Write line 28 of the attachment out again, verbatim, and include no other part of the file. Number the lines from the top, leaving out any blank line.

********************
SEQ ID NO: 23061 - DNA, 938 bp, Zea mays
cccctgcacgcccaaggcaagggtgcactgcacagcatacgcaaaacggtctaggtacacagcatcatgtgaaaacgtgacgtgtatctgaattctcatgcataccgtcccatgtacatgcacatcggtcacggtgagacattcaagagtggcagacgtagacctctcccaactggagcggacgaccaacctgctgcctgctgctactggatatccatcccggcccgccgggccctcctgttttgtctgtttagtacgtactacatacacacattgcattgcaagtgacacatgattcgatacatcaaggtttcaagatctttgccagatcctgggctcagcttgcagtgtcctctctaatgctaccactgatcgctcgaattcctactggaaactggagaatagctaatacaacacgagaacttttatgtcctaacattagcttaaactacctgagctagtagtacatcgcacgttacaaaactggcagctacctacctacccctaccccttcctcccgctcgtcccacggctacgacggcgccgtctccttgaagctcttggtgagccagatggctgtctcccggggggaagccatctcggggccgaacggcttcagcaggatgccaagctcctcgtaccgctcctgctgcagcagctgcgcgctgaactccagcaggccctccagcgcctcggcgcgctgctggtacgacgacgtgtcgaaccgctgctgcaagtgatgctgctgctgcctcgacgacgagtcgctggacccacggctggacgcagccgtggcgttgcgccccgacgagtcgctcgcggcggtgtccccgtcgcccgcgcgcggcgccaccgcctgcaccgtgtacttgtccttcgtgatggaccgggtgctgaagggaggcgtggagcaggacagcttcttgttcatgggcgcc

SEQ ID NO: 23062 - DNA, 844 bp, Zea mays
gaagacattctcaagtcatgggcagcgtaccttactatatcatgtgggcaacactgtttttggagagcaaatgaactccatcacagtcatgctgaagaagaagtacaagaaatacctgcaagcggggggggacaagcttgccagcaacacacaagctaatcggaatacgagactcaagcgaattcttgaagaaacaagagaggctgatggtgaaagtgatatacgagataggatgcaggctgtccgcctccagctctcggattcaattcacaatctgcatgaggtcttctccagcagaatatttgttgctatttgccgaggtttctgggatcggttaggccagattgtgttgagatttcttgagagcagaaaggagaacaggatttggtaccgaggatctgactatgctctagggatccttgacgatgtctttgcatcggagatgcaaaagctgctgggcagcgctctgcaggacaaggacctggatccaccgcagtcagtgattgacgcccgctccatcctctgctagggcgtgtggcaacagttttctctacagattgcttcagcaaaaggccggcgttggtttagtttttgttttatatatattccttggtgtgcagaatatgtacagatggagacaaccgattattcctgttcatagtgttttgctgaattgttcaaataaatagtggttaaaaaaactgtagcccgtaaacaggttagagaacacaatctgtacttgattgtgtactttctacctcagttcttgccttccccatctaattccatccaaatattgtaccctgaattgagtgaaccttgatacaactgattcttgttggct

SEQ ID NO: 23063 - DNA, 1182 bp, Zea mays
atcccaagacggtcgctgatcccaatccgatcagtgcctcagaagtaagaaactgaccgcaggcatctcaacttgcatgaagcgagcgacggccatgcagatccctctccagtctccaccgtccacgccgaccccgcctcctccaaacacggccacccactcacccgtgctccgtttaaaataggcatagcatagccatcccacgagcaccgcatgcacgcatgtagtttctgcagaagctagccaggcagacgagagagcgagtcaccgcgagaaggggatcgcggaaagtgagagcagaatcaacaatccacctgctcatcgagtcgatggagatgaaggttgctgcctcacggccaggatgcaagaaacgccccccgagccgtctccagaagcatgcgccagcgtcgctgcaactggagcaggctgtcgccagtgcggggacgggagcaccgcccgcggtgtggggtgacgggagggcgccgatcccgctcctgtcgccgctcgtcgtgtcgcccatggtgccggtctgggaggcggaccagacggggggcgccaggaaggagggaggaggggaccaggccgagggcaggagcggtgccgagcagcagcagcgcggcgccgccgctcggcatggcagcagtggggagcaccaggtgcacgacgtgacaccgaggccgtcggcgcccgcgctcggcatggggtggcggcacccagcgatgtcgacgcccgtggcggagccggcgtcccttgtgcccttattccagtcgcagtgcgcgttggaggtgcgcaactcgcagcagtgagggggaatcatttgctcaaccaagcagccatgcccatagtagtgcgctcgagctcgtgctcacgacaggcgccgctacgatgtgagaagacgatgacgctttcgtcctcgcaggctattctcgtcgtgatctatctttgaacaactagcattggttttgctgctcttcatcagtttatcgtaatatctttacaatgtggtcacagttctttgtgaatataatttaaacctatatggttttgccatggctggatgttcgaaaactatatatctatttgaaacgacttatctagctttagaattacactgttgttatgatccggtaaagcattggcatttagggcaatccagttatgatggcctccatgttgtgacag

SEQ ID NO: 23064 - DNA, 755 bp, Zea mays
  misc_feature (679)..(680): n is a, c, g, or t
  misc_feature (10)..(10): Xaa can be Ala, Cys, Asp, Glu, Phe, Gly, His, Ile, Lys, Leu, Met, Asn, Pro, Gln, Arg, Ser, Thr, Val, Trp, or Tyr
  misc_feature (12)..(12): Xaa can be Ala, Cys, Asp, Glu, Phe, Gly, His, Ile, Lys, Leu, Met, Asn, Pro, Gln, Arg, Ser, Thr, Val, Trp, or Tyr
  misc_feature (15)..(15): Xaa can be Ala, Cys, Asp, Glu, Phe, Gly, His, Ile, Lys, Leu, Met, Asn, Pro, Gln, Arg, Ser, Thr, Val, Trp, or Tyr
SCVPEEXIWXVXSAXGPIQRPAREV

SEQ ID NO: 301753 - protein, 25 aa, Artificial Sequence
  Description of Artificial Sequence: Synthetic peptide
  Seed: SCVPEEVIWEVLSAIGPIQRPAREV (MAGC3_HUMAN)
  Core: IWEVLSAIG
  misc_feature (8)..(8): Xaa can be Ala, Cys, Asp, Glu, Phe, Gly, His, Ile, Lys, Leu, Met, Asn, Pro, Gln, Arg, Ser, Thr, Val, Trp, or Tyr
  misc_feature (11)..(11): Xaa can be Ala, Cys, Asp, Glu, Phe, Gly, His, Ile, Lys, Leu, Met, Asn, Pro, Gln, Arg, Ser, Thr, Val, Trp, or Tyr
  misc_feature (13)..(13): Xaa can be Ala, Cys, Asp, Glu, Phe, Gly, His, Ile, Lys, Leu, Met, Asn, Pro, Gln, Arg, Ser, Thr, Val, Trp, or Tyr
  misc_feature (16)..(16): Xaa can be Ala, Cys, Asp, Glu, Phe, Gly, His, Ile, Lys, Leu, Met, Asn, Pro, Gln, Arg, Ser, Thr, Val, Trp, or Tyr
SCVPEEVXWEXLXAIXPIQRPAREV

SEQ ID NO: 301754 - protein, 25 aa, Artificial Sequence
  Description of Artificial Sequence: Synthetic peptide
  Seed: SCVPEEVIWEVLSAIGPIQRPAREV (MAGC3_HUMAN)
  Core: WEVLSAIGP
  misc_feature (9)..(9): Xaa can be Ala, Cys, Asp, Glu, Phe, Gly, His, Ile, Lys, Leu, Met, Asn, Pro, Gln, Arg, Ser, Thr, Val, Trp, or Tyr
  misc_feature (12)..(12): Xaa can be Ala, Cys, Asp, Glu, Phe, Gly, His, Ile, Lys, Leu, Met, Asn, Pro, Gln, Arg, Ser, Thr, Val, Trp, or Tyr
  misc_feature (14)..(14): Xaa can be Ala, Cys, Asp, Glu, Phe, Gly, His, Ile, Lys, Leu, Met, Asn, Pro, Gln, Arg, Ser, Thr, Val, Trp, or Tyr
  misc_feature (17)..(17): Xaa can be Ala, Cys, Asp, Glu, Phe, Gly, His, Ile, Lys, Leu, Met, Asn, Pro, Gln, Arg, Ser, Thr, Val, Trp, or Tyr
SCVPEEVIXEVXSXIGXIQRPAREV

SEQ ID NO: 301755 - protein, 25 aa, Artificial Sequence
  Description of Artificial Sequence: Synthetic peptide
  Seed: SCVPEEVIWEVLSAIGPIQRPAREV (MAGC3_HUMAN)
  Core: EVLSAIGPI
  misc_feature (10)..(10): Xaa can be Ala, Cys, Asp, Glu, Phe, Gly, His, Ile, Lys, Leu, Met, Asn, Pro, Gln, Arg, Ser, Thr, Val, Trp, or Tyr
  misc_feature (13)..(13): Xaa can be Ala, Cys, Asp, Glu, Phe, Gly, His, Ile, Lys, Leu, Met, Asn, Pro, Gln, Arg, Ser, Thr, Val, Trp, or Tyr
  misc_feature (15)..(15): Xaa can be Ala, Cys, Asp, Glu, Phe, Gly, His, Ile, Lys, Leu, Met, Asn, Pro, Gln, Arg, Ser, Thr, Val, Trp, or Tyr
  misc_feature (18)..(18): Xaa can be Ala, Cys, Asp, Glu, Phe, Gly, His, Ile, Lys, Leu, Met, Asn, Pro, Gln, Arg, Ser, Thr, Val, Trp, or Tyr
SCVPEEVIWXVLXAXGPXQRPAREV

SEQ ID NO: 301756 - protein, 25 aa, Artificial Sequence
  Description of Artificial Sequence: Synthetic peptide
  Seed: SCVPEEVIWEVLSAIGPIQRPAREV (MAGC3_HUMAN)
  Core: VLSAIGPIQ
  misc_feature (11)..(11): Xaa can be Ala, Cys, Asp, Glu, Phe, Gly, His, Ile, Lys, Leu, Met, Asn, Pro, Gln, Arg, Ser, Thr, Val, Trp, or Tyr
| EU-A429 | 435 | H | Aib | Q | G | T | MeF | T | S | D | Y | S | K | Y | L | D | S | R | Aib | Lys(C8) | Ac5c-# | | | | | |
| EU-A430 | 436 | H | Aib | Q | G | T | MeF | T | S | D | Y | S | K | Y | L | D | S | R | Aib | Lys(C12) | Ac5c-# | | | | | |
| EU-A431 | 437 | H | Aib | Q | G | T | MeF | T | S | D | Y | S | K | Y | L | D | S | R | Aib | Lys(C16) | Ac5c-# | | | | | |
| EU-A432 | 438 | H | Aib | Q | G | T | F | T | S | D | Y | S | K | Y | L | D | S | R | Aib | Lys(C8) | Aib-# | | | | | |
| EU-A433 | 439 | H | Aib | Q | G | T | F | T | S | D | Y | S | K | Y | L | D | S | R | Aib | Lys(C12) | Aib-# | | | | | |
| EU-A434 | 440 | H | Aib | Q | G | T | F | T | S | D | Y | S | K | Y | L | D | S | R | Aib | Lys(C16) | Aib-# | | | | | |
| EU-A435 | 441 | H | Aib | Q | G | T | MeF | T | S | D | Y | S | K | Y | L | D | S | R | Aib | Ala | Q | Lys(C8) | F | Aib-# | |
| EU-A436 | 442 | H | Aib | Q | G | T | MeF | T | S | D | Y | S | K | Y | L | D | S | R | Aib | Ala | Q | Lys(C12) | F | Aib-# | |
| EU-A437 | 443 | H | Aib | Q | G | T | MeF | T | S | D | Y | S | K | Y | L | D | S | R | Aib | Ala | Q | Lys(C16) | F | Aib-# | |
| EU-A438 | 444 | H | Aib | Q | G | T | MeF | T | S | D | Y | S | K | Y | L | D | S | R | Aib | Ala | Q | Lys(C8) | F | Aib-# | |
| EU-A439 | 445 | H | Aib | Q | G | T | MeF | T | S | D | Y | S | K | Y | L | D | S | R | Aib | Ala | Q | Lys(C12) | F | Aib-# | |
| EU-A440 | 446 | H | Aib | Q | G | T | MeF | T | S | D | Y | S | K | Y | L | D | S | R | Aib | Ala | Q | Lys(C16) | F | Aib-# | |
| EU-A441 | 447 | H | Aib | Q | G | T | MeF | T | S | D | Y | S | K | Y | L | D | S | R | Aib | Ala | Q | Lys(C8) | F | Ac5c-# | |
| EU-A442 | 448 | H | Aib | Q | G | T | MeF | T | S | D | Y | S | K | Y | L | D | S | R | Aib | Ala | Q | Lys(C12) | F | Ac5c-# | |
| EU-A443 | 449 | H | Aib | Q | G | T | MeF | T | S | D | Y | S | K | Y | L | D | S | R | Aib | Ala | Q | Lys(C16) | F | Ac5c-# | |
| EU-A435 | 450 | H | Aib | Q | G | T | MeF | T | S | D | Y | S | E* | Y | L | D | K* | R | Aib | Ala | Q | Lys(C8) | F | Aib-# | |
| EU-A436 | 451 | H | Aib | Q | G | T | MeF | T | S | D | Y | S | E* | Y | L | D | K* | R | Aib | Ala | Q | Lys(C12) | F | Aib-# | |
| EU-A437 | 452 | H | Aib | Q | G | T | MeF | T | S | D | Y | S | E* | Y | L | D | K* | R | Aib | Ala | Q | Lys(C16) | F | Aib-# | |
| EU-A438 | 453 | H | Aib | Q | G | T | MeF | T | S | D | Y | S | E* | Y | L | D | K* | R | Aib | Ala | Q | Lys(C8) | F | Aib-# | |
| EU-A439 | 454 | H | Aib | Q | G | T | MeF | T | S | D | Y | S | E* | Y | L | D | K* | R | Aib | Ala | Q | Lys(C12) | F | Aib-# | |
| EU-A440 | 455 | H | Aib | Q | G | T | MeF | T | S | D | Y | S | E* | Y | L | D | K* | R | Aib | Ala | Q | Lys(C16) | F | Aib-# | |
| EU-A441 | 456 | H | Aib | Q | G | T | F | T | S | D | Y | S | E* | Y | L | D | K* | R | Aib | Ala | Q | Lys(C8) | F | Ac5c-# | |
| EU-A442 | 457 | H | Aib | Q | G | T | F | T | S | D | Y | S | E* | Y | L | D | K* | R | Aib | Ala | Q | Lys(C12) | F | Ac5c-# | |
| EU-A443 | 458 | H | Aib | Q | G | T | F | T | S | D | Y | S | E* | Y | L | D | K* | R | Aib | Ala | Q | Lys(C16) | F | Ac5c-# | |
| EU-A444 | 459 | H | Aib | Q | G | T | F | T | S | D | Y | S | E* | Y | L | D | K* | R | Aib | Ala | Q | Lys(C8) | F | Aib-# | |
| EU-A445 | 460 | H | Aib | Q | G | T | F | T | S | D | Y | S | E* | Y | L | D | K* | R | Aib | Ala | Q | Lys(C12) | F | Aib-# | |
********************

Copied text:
  misc_feature (14)..(14): Xaa can be Ala, Cys, Asp, Glu, Phe, Gly, His, Ile, Lys, Leu, Met, Asn, Pro, Gln, Arg, Ser, Thr, Val, Trp, or Tyr